Motorcyclist scores free BBQ, $800 fine

When Michael Wiles spotted an old barbecue grill thrown out with the trash on the side of the road he should have just ridden by – after all, he was riding a motorcycle and they are not really built with transporting BBQs in mind.

What he did was get creative. He figured out a way to fit the grill around his body so that he could still ride. He must have proved quite the sight, a motorist on the Eastern Freeway in Melbourne, Australia, snapped a shot of Wiles as he traveled surrounded in the outdoor cooking contraption at a speed that was estimated to be around 75km/h. It was a photo that would land the young man in some trouble. Police took a dim view of his actions and managed to track the then 27-year-old man down.

Although the incident occurred more than two years ago, his court case was just heard today and it didn’t exactly go in his favor. What is worse, after successfully transporting the grill to his home he discovered that it didn’t actually work.

Magistrate Lionel Winton-Smith exclaimed:

I have seen people with perhaps bits of wood sticking out of the car, but a barbecue? I’m trying to think of a word to describe it.

Paul McClure, lawyer for Wiles offered:


Winton-Smith agreed:

Ridiculous. That will do.

Wiles was issued with an $800 fine. Though it might be easy to dismiss the young man as another idiotic road user, his actions following the incident speak otherwise.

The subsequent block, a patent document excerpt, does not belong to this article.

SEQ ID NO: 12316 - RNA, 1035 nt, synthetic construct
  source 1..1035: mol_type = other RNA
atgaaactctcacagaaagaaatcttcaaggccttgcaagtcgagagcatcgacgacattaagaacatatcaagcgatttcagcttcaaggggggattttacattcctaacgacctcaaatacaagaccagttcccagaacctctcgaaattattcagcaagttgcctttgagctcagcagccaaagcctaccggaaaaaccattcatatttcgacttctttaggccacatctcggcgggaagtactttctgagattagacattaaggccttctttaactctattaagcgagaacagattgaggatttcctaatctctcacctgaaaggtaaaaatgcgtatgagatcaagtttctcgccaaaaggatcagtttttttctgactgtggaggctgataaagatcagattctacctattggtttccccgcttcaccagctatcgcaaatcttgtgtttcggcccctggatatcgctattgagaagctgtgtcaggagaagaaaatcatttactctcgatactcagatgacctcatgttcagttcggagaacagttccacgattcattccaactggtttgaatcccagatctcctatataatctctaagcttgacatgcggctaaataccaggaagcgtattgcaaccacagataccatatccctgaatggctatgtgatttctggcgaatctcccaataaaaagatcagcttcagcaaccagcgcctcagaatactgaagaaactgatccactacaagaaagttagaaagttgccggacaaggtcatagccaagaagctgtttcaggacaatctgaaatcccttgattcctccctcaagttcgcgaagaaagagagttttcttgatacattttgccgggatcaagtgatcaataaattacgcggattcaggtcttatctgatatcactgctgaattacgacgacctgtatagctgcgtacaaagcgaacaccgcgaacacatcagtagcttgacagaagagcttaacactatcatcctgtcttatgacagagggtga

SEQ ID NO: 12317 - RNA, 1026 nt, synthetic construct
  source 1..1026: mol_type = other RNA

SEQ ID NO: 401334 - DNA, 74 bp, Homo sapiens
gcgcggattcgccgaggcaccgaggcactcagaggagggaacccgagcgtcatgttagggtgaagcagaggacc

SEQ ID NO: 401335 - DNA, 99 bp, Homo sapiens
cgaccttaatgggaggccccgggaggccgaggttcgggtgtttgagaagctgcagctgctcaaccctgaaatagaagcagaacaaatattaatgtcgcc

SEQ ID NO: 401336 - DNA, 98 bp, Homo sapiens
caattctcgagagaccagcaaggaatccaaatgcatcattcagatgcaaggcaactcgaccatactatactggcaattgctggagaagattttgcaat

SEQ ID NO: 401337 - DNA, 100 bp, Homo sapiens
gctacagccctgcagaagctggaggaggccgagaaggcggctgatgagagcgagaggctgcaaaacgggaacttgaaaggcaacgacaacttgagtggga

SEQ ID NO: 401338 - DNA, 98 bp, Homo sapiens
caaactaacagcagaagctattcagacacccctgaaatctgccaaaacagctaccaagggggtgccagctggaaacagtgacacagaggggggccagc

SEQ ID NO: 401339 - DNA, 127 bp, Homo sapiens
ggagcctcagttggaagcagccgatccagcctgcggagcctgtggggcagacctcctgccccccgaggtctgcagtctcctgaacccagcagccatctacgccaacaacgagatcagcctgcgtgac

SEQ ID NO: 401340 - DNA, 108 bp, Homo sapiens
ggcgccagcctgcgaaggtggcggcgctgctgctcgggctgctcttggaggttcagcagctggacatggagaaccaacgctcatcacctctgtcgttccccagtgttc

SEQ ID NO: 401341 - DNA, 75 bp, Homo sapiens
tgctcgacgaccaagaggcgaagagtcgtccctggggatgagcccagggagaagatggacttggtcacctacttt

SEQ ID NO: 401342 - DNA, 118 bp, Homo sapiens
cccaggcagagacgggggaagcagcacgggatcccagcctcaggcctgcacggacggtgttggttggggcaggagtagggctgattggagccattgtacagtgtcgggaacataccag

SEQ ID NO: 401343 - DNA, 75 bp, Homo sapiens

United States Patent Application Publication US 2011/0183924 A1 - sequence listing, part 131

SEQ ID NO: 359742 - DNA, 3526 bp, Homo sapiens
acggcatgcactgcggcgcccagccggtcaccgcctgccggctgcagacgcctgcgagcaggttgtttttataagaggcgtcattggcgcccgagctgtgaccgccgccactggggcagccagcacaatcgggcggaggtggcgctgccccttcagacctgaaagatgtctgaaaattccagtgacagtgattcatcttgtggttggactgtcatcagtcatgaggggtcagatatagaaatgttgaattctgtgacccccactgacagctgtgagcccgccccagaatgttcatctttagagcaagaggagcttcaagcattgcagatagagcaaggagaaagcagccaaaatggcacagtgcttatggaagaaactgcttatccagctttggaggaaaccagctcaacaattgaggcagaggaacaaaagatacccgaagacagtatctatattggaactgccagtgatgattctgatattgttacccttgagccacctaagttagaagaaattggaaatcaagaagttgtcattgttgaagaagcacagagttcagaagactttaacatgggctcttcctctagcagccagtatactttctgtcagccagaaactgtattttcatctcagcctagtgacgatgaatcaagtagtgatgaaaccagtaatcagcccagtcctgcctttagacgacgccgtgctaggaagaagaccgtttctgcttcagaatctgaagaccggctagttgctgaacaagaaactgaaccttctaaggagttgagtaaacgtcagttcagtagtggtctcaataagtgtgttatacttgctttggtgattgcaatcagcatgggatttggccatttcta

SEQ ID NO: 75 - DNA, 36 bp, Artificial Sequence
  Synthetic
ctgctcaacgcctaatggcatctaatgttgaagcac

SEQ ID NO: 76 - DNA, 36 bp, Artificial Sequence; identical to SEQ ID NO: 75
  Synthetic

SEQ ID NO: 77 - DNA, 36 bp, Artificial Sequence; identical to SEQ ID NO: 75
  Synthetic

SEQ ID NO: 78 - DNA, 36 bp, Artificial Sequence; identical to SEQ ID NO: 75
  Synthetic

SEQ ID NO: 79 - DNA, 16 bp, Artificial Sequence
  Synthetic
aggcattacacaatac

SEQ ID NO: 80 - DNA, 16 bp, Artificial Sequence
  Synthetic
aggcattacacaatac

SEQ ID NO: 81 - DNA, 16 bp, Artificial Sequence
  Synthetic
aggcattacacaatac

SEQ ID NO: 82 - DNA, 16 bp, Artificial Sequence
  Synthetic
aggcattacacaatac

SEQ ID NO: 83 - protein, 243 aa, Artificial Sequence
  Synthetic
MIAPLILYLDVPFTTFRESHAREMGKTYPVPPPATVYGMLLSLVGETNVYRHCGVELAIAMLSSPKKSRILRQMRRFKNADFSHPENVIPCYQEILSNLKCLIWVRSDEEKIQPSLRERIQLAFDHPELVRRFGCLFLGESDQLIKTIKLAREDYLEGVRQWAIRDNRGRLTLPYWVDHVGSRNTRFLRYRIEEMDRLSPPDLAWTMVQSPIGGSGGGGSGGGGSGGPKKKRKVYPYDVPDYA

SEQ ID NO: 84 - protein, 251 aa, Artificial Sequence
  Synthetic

When barbecue company Barbecues Galore offered him a spot in their commercials, he declined, because he didn’t think it right to “glorify” his act of stupidity.

McClure explained why:

The ramifications for him have been far greater than the offense itself. He has been effectively used as an advertisement for what not to do on the roads, which he is wholly and completely in agreement with.

Winton-Smith seemingly appreciated the contrition expressed by the young motorcyclist, and the fact that he had made a “full and frank admission” to police, but had this to say:

You could have been charged with culpable driving and facing the County Court if someone had lost their life.

Wiles pleaded guilty to a count of careless driving. He was fined $800 and had his license suspended for one month.

Outside the court, he commented:

The main point is that I’m happy that there was some justice served, and this might encourage the right manner of responsibility of drivers in Australia.

With regard to the barbecue, he noted that he was “better off without one.” [The Age]


C.S. Magor is the editor-in-chief and a reporter at large for We Interrupt and Uberreview. He currently resides in the Japanese countryside approximately two hours from Tokyo - where he has spent the better part of a decade testing his hypothesis that Japan is neither as quirky nor as interesting as others would have you believe.
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